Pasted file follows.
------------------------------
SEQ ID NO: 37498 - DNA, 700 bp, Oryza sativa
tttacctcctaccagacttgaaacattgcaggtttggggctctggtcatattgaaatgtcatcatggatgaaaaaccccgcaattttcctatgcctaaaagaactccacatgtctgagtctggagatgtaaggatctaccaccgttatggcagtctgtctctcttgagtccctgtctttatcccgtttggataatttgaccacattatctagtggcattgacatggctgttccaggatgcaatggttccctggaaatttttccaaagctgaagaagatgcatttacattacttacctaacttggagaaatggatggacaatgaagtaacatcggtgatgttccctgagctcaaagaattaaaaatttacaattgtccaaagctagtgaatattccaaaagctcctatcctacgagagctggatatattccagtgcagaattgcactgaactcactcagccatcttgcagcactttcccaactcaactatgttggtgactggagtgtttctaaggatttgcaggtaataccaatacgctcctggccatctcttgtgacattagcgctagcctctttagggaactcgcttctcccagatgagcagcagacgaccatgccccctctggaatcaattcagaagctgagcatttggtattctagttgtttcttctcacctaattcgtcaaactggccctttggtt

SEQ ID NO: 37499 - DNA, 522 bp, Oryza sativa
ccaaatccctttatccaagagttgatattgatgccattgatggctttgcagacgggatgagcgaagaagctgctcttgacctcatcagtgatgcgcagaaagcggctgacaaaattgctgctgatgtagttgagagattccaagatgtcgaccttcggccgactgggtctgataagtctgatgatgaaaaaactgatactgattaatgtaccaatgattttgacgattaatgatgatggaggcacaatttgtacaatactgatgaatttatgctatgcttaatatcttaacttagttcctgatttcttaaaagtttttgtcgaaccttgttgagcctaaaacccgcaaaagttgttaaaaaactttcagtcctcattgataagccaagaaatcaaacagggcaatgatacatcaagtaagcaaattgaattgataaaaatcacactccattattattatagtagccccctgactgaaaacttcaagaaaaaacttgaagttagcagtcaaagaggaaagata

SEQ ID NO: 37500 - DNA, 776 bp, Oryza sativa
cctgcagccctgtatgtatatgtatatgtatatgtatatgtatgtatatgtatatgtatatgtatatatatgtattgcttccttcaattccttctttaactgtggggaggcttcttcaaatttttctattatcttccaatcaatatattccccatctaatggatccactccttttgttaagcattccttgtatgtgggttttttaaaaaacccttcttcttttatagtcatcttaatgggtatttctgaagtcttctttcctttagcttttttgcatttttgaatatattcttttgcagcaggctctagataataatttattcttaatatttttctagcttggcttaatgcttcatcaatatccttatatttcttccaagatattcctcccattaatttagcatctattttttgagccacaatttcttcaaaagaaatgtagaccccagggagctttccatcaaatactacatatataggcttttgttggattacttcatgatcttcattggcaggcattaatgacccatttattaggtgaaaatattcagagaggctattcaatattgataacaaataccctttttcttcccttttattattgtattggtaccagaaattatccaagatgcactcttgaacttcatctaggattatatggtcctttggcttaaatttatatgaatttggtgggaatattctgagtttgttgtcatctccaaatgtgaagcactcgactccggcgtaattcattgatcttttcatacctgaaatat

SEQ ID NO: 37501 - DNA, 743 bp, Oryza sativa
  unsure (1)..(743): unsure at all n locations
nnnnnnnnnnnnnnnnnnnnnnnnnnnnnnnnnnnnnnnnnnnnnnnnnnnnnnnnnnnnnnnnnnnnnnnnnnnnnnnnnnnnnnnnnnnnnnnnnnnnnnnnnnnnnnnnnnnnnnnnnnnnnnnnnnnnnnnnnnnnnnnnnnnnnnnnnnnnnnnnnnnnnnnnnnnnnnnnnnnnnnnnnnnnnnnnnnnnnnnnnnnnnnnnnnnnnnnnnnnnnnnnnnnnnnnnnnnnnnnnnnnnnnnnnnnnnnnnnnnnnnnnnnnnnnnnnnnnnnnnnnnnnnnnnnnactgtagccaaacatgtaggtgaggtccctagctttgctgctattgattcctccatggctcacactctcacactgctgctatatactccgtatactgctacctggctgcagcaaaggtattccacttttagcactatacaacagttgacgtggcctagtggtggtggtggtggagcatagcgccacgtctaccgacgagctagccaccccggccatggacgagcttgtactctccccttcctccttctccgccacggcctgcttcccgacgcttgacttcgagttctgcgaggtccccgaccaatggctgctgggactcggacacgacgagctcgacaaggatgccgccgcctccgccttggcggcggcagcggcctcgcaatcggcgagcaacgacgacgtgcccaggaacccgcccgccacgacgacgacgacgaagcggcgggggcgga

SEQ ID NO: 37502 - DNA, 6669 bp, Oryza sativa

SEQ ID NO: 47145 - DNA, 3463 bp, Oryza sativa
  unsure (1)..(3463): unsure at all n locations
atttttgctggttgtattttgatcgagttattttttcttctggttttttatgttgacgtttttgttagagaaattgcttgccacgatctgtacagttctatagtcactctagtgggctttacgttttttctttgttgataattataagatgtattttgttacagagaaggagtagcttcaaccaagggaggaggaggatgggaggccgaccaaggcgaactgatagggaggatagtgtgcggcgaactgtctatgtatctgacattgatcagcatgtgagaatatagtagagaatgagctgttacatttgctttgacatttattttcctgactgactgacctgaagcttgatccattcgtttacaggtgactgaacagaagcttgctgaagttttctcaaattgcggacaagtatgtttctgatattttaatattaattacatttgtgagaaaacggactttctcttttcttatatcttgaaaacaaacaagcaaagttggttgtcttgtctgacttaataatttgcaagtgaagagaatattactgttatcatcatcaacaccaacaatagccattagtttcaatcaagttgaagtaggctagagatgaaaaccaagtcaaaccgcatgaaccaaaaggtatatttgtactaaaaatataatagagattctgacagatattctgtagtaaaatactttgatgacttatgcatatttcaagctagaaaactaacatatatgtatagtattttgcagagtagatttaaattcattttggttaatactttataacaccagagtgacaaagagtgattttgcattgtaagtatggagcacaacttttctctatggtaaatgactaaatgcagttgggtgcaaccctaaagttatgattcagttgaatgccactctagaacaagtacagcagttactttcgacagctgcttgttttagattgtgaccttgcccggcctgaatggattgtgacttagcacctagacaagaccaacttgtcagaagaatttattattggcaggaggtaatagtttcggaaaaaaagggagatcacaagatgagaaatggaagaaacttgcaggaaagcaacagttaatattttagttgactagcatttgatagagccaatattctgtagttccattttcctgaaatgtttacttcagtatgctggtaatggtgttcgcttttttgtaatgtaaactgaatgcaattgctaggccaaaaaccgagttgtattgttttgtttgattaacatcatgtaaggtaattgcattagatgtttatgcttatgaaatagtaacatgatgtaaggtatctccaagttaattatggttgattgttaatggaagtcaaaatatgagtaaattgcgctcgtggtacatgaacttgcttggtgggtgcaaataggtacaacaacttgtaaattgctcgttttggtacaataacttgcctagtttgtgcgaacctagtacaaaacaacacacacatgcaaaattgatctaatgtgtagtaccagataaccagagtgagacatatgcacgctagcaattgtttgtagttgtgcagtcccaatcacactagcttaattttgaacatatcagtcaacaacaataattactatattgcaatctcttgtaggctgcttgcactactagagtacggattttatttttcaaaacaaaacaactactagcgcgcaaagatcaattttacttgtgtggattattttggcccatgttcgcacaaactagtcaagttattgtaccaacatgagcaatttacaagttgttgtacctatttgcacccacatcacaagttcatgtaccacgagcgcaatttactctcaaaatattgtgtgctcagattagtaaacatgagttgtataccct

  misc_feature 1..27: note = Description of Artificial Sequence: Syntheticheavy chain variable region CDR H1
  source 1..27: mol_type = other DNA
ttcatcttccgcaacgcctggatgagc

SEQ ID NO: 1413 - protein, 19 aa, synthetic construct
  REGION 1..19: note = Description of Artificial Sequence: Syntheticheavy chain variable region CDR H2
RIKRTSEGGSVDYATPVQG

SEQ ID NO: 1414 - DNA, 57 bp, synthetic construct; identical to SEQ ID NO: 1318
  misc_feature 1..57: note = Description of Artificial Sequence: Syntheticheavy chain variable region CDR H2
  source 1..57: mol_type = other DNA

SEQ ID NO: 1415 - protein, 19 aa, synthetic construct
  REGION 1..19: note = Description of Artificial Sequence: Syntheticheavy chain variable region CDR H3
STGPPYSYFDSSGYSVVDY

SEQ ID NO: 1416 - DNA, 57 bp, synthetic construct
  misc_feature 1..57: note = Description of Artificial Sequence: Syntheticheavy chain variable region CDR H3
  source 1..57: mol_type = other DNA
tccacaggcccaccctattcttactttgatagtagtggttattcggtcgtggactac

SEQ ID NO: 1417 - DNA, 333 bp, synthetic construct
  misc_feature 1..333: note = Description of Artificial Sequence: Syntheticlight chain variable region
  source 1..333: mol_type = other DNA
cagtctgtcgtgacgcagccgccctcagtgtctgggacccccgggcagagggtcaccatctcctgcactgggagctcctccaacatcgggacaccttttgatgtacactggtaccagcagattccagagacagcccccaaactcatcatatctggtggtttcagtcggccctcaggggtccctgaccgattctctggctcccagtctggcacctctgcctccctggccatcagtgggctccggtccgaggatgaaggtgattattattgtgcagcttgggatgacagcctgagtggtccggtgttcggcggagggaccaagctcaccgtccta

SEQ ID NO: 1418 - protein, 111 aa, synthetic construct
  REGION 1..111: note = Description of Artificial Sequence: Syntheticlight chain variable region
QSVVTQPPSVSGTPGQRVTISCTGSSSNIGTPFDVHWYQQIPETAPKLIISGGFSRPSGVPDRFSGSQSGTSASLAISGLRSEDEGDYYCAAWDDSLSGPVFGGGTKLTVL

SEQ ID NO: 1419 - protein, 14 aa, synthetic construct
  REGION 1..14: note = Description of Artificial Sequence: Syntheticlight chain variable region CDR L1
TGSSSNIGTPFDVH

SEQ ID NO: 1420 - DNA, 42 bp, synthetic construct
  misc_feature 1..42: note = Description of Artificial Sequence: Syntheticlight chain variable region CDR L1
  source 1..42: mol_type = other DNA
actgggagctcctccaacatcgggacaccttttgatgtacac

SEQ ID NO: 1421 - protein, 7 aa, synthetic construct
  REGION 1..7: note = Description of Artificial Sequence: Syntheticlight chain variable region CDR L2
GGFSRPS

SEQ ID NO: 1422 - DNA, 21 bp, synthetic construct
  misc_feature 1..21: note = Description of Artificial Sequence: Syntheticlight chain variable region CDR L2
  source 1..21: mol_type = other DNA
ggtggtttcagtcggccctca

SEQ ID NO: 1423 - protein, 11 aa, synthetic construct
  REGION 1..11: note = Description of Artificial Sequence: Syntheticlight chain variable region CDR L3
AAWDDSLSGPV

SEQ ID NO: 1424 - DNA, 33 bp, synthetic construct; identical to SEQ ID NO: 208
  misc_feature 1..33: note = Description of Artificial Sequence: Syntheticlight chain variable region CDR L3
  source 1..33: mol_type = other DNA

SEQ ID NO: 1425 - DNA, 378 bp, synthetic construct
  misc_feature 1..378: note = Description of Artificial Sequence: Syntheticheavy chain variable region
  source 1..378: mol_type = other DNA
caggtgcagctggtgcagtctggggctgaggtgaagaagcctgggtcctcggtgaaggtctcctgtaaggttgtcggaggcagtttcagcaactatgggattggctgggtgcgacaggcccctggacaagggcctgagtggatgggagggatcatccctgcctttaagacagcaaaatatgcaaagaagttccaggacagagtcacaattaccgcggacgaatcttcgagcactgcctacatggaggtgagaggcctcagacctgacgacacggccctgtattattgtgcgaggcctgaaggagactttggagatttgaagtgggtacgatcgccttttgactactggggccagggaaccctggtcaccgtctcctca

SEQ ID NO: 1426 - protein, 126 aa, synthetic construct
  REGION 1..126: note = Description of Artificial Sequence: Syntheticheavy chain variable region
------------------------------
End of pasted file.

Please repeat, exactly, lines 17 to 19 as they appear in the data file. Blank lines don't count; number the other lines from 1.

SEQ ID NO: 1413 - protein, 19 aa, synthetic construct
  REGION 1..19: note = Description of Artificial Sequence: Syntheticheavy chain variable region CDR H2
RIKRTSEGGSVDYATPVQG